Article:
September 19, 2018 | Local, Aerospace

    Canadian air force short 275 pilots as attrition outpaces recruitment, training

    By Canadian Press OTTAWA — The Royal Canadian Air Force is contending with a shortage of around 275 pilots and needs more mechanics, sensor operators and other trained personnel in the face of increasing demands at home and abroad. The Air Force says it is working to address the deficiencies and that they have not negatively impacted operations, but officials acknowledge the situation has added pressure on Canada’s flying corps and represents a challenge for the foreseeable future. “Right now we’re doing everything we can to make sure we recruit, train and retain enough personnel to do our current mission,” said Brig.-Gen. Eric Kenny, director general of air readiness. “In the next 20 years, it’s going to be a challenge to grow the force at the rate that we would like.” The shortfall in pilots and mechanics was referenced in an internal report recently published by the Department of National Defence, which also flagged underspending on maintenance for bases and other infrastructure, as well as reductions in annual flying times thanks to Conservative-era budget cuts. Some of those issues have since started to be addressed by the Liberals through their new defence policy, but the personnel shortage remains an area of critical concern given the need for pilots and others to fly and maintain the military’s various aircraft fleets at home and abroad. Those include the planes and helicopters involved in Canada’s military missions in Iraq, Latvia, Mali, and Ukraine; domestic search-and-rescue aircraft; and the CF-18 fighter jets deployed in Romania and guarding against a foreign attack on North America. The Air Force is authorized to have 1,580 pilots, but Kenny said in an interview the Air Force is short by around 17 per cent — or about 275 pilots — along with similar shortfalls for navigators and sensor operators, who work onboard different types of aircraft, as well as mechanics. Kenny also acknowledged the threat of burnout as service members are forced to pick up the slack left by unfilled positions, and the added burden of promised new drones, fighter jets and other aircraft arriving in the coming years, which will require even more people to fly and maintain. Efforts to address the shortfalls have looked at retaining service members with tax breaks, additional support and services for family members to ease military life, and plans to free up experienced personnel by assigning administrative staff to do day-to-day tasks. Several initiatives have also been introduced to speed up recruitment and training, and attract older pilots back into the Forces, which has borne some fruit and aimed at buying time for officials to decide whether to change the length of time pilots and others are required to serve before they can leave. “This is beyond just looking at benefits,” Defence Minister Harjit Sajjan said Tuesday. “We’re looking at a much more holistic approach in how we look after them.” But the current training system means the Air Force can only produce 115 new pilots each year, which commanders have said is insufficient to meet needs given the rate at which military pilots have moved on to commercial opportunities in recent years. Conservative defence critic James Bezan suggested one reason the military is losing pilots is because they are being asked to fly older planes, including CF-18 fighter jets that are close to 40 years old. “If pilots aren’t getting new aircraft, why are they sticking around?” Bezan said. “And so, the idea of bringing in used fighter jets from Australia that are even in worse shape than the current CF-18s that we fly today, why would they stick around?” The Department of National Defence is drawing up plans for a new system that officials hope will be in place by 2021 and include the ability to expand or shrink the number of trainees in any year given the Air Force’s needs. Kenny said the shortfalls will remain a challenge since the current system will remain in place for several more years — and because it takes four and eight years to train a pilot from scratch. “We know what capabilities we’re receiving and now we can start working to make sure that we have personnel that are trained to be able to meet those requirements,” he said. “But I’m not going to lie: It’s definitely a challenge.” https://ipolitics.ca/2018/09/18/canadian-air-force-short-275-pilots-as-attrition-outpaces-recruitment-training-2/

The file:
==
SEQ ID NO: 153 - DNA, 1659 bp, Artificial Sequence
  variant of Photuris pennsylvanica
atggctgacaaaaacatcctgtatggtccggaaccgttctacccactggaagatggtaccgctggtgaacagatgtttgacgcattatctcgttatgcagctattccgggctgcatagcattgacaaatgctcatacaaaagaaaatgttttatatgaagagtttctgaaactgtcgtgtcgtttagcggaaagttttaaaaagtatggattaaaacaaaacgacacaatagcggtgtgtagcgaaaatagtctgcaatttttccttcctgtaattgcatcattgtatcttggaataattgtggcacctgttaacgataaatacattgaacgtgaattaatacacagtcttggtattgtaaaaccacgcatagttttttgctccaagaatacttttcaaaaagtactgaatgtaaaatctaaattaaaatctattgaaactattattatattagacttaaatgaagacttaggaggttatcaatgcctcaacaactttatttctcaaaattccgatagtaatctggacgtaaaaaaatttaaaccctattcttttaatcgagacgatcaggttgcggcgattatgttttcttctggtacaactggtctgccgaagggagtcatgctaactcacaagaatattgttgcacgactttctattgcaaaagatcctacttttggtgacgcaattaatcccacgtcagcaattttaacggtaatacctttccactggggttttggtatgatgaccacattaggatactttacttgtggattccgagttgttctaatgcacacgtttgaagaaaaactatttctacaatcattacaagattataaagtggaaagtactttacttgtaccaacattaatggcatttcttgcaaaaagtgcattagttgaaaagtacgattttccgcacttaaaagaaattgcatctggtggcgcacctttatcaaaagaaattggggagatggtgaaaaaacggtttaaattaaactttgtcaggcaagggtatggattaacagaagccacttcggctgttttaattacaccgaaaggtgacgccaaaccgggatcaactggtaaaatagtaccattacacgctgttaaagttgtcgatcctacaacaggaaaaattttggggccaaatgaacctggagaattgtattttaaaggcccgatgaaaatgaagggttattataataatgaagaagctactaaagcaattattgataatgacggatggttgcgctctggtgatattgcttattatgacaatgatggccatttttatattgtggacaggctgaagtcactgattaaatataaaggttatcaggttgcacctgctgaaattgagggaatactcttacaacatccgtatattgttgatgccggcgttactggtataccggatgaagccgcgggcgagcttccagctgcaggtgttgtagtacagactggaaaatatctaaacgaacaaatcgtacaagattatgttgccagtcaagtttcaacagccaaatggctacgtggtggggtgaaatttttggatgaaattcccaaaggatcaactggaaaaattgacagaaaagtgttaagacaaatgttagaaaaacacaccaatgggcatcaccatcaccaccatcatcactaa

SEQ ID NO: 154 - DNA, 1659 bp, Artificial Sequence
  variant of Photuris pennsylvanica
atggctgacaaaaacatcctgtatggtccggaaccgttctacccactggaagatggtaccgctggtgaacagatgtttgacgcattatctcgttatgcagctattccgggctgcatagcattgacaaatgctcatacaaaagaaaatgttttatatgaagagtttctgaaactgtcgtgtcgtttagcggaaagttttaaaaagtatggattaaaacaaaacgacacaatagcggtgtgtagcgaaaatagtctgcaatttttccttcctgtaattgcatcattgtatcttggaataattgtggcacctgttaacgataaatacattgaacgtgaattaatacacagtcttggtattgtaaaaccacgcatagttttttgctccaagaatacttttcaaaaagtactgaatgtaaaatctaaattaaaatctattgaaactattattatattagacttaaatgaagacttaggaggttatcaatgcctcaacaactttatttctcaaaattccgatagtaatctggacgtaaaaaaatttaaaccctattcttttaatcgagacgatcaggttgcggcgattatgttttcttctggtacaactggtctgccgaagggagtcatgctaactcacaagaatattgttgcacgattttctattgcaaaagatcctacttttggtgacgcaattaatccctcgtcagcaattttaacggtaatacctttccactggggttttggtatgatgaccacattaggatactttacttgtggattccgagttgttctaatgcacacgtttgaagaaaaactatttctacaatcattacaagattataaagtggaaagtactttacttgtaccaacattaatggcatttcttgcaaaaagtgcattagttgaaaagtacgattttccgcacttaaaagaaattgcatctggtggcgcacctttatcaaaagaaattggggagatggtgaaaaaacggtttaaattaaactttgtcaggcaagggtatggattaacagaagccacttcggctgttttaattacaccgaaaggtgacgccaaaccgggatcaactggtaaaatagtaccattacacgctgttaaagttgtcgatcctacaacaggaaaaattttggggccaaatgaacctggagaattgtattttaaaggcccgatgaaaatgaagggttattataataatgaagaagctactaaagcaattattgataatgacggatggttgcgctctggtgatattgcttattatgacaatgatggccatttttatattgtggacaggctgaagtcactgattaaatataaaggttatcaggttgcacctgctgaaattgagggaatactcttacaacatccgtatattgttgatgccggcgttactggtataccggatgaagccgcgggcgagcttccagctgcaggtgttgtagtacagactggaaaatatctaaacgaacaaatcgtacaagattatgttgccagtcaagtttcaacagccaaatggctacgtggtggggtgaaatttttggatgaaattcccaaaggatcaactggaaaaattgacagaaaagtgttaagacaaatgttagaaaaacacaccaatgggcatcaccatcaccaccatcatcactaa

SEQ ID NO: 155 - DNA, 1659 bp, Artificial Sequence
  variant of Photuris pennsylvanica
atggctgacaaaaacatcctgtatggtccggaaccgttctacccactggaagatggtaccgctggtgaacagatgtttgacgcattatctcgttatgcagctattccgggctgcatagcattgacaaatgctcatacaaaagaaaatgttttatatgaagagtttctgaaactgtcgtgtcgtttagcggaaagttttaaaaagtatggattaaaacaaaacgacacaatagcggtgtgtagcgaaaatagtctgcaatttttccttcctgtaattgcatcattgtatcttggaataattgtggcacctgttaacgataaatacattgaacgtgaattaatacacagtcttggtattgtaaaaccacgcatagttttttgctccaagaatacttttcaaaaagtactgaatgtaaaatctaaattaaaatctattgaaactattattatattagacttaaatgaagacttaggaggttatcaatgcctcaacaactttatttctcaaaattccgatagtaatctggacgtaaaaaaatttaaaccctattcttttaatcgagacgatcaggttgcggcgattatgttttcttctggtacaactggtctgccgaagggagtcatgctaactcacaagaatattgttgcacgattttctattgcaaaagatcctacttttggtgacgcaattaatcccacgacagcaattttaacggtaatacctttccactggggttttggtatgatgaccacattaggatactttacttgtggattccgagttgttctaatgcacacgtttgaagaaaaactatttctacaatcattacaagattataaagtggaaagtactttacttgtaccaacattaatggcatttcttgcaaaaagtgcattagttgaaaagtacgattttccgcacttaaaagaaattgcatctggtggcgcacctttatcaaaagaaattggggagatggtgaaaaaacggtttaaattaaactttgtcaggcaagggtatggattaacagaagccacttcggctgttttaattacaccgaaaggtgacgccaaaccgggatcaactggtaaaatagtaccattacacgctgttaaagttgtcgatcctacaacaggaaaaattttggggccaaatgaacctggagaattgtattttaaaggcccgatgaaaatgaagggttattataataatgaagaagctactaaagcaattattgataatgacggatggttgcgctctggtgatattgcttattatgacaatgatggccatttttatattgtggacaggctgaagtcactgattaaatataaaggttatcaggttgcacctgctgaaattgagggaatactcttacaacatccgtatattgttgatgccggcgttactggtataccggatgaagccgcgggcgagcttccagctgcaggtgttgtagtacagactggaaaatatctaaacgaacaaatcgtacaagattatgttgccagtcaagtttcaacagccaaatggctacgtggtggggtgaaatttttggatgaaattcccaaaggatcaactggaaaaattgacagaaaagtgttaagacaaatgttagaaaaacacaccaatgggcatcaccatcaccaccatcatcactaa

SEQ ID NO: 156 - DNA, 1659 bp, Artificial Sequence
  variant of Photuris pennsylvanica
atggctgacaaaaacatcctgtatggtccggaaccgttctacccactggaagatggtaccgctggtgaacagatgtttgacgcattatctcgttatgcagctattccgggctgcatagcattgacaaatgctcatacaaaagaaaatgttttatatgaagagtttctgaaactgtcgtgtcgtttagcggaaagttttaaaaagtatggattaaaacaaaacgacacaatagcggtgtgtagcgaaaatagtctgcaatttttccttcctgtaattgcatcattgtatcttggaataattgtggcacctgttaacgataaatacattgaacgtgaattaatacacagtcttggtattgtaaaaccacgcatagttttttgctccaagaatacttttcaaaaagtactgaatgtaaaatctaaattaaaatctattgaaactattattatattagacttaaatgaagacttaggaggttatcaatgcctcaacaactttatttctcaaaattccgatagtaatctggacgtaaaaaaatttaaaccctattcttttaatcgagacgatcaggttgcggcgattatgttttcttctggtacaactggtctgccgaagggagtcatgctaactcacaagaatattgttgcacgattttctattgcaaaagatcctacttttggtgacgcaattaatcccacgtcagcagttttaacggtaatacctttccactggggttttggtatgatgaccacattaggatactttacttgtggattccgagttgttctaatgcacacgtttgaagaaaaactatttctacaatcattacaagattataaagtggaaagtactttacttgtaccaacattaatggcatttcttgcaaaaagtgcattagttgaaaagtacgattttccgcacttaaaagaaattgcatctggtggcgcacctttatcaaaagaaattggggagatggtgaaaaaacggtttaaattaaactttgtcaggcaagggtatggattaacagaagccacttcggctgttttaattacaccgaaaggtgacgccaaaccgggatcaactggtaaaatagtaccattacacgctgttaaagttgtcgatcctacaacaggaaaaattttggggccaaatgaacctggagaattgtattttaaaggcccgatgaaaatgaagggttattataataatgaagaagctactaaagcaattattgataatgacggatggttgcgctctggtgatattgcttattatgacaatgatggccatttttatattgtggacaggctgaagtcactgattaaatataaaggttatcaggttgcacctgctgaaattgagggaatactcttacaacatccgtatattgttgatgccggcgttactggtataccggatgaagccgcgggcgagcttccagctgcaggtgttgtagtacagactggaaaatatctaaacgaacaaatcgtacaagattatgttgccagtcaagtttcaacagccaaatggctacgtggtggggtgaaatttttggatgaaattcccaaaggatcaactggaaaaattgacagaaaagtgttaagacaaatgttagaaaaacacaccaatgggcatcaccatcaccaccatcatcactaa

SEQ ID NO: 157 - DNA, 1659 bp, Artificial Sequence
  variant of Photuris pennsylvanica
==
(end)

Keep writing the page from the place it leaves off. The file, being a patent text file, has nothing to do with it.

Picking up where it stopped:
All news